After 15 Years NASA and DLR Prepare to Say Goodbye to GRACE
On March 17, 2002, a pair of satellites nicknamed “Tom” and “Jerry” launched aboard a Russian Rockot vehicle from the Plesetsk Cosmodrome in Russia. It was the start of the Gravity Recovery and Climate Experiment, aka GRACE, a partnership mission between NASA and the German space agency (DLR) to map Earth’s gravity field and how it changes over time due to the movement and variations of surface and ground water. Originally planned to be a five-year mission, GRACE has now been continuously operating in orbit for over 15 years, and has revealed much about what’s been happening to the water on—and in—our planet.
“With GRACE, we effectively created a new field of spaceborne remote sensing: tracking the movement of water via its mass,” said Michael Watkins, director of NASA’s Jet Propulsion Laboratory in Pasadena, California.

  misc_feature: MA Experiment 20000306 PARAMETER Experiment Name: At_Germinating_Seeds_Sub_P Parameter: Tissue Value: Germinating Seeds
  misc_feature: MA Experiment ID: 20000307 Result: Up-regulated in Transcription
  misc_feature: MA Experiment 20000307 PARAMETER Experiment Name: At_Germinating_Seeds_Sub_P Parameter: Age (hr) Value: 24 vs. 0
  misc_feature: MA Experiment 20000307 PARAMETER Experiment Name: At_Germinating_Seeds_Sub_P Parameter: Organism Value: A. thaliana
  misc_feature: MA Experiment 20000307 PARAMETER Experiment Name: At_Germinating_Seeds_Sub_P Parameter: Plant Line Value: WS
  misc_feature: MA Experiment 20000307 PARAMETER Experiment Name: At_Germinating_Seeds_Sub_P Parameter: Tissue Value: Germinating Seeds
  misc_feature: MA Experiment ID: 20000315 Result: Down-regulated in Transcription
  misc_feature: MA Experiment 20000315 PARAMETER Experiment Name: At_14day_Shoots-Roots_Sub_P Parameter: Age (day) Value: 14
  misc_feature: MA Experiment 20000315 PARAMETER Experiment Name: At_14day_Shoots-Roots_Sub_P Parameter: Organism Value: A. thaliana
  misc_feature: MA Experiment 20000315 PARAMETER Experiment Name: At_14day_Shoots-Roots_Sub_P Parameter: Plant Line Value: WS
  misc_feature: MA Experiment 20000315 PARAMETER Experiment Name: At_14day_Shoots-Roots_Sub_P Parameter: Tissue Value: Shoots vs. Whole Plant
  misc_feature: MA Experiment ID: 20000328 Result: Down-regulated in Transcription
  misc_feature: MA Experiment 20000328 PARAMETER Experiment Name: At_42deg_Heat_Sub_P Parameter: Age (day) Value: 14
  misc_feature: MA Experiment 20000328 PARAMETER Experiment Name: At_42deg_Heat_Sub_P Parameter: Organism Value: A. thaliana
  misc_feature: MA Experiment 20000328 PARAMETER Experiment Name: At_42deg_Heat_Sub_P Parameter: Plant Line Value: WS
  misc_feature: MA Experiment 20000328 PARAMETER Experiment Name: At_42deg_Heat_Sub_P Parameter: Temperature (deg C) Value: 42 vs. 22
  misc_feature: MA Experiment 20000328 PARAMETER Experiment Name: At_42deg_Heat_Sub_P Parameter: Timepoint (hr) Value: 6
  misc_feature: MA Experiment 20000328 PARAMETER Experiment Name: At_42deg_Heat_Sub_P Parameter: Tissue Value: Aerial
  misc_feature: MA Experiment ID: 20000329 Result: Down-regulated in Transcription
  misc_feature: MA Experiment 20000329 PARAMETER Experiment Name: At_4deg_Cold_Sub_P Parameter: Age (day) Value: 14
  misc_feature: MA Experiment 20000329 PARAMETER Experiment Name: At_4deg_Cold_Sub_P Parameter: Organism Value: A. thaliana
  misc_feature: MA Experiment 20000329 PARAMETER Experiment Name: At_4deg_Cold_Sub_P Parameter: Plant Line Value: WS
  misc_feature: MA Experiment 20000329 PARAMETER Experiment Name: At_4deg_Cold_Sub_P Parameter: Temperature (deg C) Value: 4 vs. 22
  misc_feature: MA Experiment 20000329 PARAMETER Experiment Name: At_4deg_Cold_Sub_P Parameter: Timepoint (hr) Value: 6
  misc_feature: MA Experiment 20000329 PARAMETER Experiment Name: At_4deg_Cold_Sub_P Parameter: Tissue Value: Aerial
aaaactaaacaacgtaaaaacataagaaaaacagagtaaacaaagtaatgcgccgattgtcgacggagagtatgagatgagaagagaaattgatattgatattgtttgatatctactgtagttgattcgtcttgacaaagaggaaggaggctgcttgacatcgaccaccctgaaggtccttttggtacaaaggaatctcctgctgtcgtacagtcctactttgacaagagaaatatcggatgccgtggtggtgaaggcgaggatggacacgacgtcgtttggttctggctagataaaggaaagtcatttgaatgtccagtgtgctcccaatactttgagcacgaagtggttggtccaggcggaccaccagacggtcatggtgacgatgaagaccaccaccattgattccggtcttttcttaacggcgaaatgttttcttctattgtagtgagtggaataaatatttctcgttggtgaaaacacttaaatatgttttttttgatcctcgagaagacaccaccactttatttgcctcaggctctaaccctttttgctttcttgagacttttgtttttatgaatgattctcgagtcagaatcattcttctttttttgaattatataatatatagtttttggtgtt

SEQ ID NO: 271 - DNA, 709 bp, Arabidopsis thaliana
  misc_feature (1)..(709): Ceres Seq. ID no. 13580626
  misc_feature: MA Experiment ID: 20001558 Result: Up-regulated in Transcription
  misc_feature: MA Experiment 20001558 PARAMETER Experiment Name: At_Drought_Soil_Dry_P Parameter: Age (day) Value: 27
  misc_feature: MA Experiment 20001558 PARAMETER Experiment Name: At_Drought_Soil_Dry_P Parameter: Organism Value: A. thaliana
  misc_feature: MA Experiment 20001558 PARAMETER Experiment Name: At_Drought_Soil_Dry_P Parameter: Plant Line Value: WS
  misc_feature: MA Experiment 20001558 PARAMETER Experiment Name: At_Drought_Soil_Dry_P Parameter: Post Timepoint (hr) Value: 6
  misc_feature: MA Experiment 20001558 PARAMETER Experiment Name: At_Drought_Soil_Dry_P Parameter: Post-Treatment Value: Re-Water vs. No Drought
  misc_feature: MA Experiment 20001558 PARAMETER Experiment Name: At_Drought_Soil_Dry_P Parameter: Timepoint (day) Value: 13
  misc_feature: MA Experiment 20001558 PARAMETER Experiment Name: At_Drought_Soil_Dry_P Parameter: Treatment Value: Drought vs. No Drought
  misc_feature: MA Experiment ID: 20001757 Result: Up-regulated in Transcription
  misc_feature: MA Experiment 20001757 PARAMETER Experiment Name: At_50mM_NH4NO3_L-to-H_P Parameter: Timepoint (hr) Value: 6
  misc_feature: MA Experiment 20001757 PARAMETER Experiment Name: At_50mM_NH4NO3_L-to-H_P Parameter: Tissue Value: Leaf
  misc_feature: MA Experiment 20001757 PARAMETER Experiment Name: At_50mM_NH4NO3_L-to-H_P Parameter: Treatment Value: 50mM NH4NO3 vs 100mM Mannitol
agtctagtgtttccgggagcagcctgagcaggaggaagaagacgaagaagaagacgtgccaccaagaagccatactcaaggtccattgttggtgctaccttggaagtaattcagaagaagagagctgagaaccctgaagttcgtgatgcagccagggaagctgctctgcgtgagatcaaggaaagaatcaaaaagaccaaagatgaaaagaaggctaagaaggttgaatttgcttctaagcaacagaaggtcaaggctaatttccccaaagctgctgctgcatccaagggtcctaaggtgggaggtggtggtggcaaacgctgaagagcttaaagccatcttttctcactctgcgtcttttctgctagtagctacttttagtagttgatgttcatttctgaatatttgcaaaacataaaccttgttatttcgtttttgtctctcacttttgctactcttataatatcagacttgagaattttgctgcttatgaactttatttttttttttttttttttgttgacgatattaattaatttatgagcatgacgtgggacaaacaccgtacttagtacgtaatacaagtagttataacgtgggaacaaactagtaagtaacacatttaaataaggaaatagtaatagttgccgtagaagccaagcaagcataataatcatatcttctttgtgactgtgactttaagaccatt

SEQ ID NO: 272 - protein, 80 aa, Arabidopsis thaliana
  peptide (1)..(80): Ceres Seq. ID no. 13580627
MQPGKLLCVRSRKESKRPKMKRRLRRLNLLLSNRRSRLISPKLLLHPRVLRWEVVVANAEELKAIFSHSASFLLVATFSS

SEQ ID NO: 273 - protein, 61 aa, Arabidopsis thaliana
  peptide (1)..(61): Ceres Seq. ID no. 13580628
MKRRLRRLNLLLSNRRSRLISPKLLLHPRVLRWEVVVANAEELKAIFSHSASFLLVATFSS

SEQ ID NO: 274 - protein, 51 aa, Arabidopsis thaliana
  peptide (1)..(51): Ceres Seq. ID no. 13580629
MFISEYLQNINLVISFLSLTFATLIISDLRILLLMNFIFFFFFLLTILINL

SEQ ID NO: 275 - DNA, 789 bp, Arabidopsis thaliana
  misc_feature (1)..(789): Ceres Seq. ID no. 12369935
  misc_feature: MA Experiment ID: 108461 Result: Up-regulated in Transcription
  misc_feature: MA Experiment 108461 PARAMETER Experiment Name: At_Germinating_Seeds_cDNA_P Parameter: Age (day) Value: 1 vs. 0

Some of the things GRACE has discovered are:
• Land ice melt rates in Greenland and Antarctica are increasing;
• One-third of Earth’s large groundwater basins are being depleted;
• Groundwater reserves have dwindled in much of the southern United States;
• In many places around the globe groundwater is being extracted faster than can be naturally replenished. (Source)
Even though Tom and Jerry have been operating well through their main and extended missions they will finally run out of fuel this summer. But the next generation of GRACE spacecraft is already planned with the GRACE Follow-On (GRACE-FO) mission, slated to launch at the end of 2017 or early 2018.
The video below is a touching tribute to the GRACE mission, and a promise of continued research to come with GRACE-FO.
“Through GRACE-FO, we will extend into the next decade our capacity to gain an accurate picture of the global water cycle,” said Frank Webb, GRACE-FO project scientist.